Anyone with any experience in commercial property leasing will tell you that this type of property rental is a very different beast. While you still need effective tenant screening to make sure you’re renting to the right person or organization, there are many other factors to consider too.
Types of Commercial Rental
Commercial leases come in many different forms and formats, with a huge variety of terms and contract clauses, but while there’s certainly no one size fits all solution, there are few basic options:
- Percentage leases, which are common in retail spaces, include the base rent for the unit, as well as a percentage of monthly sales.
- Net leases, double net leases and triple net leases are another common commercial form of lease, which leave tenants liable for taxes, insurance, and maintenance costs in addition to rent. They’re great if you want to be a hands-off landlord.
- Gross leases are much less common, and are also known as “fully serviced leases.” In this type of lease, the landlord takes on all the extra costs and hassles, and the tenant just pays their rent, which includes the costs and management fees, often called a “load factor.”
Insuring Your Investment
One of the biggest factors in commercial leasing is ensuring that your long-term property investment is secure, and that’s why insurance is such an important part of this type of lease.
This is one of the reasons why commercial landlords need to think so hard about what the acceptable use of your property will be, and how insurance will be handled. Aside from regular insurance, you will also need to ensure that your tenants carry adequate public liability insurance too, because that helps to prevent third party injury and damage claims.
Choosing a Good Commercial Tenant
Commercial property leasing is a much more complex process than its little residential cousin. While your tenant selection for a residential property is all about character, track record and employment checks, there are several other factors to consider when choosing a tenant for your commercial rental:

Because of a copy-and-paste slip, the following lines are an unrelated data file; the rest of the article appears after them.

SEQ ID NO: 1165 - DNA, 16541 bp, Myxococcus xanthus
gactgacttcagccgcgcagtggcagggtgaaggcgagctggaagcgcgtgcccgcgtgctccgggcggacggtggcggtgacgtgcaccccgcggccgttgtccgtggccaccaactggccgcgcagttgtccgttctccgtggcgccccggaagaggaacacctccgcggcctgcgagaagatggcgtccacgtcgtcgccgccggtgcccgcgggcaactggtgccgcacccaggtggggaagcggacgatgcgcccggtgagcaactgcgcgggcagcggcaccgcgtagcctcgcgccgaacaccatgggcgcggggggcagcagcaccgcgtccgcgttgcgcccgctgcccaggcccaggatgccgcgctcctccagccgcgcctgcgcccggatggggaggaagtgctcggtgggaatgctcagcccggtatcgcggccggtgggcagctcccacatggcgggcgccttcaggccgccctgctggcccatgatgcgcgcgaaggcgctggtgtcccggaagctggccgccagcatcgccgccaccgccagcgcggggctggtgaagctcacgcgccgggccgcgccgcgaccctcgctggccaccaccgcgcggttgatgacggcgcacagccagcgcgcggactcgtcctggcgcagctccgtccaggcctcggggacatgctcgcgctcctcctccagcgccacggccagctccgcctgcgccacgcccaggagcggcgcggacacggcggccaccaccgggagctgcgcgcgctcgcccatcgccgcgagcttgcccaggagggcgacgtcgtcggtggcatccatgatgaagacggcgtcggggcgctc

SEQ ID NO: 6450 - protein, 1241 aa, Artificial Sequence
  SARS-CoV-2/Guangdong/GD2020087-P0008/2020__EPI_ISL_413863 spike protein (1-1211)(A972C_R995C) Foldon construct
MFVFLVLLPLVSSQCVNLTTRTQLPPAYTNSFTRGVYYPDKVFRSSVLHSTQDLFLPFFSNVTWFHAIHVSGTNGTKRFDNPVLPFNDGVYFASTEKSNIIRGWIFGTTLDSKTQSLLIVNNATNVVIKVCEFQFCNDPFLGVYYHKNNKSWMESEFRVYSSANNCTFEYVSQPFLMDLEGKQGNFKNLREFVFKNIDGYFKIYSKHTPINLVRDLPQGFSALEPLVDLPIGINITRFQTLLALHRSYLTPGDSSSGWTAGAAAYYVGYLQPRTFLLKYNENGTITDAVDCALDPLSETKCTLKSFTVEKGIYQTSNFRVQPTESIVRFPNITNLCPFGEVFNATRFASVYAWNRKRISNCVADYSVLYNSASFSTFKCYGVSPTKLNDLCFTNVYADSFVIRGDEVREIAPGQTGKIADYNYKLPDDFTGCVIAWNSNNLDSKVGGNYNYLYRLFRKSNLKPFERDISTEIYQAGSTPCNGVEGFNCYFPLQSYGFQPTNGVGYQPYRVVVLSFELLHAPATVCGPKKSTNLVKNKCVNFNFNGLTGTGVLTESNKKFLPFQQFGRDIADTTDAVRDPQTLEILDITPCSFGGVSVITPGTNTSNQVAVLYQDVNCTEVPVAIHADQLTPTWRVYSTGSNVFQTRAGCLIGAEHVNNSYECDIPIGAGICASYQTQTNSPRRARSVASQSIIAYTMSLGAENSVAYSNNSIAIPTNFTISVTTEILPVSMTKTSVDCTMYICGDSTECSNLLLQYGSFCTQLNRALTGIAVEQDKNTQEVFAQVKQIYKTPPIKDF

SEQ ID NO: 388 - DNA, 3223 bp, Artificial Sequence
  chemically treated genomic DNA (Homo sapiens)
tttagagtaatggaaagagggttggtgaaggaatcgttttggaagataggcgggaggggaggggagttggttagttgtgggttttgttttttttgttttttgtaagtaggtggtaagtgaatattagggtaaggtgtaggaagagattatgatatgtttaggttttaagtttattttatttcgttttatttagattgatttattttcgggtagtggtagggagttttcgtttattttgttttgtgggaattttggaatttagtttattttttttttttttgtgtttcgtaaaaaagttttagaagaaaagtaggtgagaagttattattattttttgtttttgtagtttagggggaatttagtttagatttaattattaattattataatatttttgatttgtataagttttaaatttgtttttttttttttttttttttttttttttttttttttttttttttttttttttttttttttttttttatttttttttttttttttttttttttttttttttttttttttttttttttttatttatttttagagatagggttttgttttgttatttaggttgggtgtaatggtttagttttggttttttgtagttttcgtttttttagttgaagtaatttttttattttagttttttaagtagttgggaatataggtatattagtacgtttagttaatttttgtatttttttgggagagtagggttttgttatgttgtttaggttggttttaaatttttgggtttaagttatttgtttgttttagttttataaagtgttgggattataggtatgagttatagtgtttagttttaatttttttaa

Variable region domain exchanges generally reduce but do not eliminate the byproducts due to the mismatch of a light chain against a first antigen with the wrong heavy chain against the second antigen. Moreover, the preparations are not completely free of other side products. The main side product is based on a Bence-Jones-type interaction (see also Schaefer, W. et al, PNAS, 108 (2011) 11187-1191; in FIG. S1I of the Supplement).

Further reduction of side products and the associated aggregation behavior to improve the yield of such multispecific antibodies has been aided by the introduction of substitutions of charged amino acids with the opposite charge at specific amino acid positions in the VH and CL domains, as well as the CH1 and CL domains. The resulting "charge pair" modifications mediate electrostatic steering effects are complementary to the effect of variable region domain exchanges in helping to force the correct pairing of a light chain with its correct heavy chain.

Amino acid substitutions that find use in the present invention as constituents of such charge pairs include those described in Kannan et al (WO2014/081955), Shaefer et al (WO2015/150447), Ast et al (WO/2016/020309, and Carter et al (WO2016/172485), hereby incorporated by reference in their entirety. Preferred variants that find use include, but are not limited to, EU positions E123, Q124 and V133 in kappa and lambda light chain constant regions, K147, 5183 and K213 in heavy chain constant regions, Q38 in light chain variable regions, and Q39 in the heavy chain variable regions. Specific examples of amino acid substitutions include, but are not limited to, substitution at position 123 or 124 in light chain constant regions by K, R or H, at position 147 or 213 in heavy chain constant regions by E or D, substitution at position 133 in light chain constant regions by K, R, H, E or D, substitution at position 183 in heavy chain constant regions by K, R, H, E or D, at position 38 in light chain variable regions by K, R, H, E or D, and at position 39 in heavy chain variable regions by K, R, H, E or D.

- The nature of the business. Is it high risk or dangerous? Seasonal? Is it in a high-risk industry?
- The length that the company has been in business. Brand new companies might not have access to credit or any credit rating at all. Are the business owners prepared to take personal responsibility?
- If the business is new, have they offered to provide you with a business plan? This can be a good indicator of how their business will fare.
- Do they have all the certifications and licenses necessary to operate in the city and in their industry? Get written verification and copies of all these.
- Do they have all the insurances needed to protect their business and your property? Again, everything in writing.
- Are they willing to agree to a specific use provision? Just because their business is in one area now, does not mean it will stay in that industry, and you want to be able to cancel the lease if they switch to an undesirable sector or business model.
These are just a few of the things you will need to discuss with prospective business tenants for your commercial rental property. Most importantly, verify as much as possible, and get everything in writing. If it’s not in the lease, signed and sealed, it cannot be enforced.